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Aldermen split on public art — and what do you think?

south-facing-sherman-garage

Aldermen on Evanston's Human Services Committee split Monday night over the merits of a public art project for the Sherman Plaza garage.

And our poll asks you what you think about it.

Alderman Judy Fiske, 1st Ward, said she feared the art would distract drivers "at the very tight intersection" of Davis Street and Benson Avenue.

Alderman Judy Fiske.

She described the area as "a very difficult place to walk" and said that in at least two instances "families with children have been hit by cars" coming out of the parking garage onto Benson.

"I think the art will draw the attention of both drivers and pedestrians," Fiske added, "People will stop in their cars to look at it."

But aldermen Mark Tendam, 6th Ward, and Jane Grover, 7th Ward, strongly suppored the $75,000 project.

More pictures and background on the project design in our Monday story.

"I've liked this project from the first time I saw it," said Tendam, a graphic designer.

"I think it will attract a lot of people to the corner," he added, suggesting passersby will want to ride the garage elevators "to become part of the artwork."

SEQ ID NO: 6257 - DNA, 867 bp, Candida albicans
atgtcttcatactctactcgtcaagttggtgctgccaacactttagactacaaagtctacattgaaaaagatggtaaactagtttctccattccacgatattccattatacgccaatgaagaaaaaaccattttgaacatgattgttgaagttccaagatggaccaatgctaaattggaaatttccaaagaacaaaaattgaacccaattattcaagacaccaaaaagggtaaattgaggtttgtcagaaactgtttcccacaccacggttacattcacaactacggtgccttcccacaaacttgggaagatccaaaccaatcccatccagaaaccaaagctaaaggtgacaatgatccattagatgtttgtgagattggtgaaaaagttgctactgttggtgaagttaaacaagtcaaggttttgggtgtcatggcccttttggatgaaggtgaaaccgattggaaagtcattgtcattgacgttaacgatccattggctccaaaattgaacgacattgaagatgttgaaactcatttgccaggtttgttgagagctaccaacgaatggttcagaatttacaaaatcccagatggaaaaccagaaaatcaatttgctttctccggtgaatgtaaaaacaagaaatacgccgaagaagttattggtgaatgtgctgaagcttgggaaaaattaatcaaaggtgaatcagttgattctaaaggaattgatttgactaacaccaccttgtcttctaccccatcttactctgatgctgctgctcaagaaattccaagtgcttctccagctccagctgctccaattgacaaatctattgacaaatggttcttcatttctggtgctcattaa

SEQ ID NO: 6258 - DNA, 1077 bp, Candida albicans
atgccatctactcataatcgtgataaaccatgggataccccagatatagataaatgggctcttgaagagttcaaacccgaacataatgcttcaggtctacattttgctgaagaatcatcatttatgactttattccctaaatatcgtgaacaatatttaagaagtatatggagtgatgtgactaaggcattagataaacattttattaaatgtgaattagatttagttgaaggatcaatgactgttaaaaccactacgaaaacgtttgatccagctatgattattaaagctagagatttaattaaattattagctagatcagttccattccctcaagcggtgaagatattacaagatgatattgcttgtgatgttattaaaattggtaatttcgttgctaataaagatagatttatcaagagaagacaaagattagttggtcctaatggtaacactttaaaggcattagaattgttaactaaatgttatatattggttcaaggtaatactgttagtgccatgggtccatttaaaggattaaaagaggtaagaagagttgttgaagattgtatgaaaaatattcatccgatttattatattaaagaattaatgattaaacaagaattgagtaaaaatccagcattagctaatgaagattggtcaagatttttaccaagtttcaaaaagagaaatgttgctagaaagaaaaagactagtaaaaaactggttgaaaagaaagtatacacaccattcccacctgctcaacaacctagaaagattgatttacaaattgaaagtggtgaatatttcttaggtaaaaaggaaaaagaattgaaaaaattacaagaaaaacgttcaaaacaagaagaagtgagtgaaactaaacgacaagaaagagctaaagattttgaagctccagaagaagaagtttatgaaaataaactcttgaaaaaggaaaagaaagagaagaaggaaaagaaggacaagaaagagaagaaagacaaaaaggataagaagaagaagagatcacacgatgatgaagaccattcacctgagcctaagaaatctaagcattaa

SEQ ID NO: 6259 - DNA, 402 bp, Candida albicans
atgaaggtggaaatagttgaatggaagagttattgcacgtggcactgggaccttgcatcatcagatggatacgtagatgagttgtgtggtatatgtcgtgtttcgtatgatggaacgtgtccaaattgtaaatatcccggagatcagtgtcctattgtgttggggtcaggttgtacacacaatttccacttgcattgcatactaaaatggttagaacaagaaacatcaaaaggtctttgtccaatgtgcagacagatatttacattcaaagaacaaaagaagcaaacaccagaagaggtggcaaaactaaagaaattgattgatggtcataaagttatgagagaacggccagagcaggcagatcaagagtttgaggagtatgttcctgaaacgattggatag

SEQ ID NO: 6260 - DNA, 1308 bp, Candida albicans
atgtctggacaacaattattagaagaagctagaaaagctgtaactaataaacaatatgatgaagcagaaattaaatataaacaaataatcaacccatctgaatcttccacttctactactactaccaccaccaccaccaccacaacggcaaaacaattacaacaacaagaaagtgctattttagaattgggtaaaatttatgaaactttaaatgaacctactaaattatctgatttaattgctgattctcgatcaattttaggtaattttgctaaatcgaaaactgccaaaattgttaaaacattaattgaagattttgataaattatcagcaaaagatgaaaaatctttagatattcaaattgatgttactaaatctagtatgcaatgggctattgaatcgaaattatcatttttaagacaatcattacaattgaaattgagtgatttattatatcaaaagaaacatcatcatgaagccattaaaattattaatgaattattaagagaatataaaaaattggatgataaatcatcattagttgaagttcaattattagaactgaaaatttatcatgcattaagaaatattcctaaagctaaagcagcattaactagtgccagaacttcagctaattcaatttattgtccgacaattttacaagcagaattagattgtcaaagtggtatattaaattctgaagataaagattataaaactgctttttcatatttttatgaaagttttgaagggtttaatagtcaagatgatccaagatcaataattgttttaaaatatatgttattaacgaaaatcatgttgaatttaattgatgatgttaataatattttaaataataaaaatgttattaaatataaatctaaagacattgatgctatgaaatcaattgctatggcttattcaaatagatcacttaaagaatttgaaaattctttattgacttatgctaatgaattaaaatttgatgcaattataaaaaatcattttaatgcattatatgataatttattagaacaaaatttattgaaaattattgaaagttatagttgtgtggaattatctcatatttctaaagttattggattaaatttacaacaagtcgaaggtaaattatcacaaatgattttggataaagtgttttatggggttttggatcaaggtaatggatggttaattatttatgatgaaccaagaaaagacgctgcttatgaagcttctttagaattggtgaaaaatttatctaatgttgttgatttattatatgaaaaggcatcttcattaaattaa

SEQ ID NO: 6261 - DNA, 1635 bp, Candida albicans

"I love it," said Grover, "I think it will be very effective and well enjoyed by everyone in Evanston.

While Fiske suggested the project might be better in a different location, Grover said she believed it was "custom fit for this location. I don't think it would be adaptable for any other site."

Grover, who has campaigned against distracted driving and is pushing for a new ordinance banning all cell phone use by drivers, disputed Fiske's claims that the art would create a traffic hazard.

"I don't think it will create more light than a lot of storefronts and other features in downtown," Grover said, "I think it's subtle enough that it won't cause accidents."

Artist B.J. Krivanek said he could set up a demonstration for aldermen showing the light that would be cast by spotlights mounted on the elevator cabs.

Alderman Delores Holmes, 5th Ward, said she had doubts about how the project would actually look but was open to learning more about it.

And, with Alderman Don Wilson, 4th Ward, absent from the session, the committee voted to advance the art proposal to the agenda of the full city council — with the understanding that the artists proposing the project and city staff would set up a demonstration of how some aspects of it would work before the council actually voted on whether to approve it.

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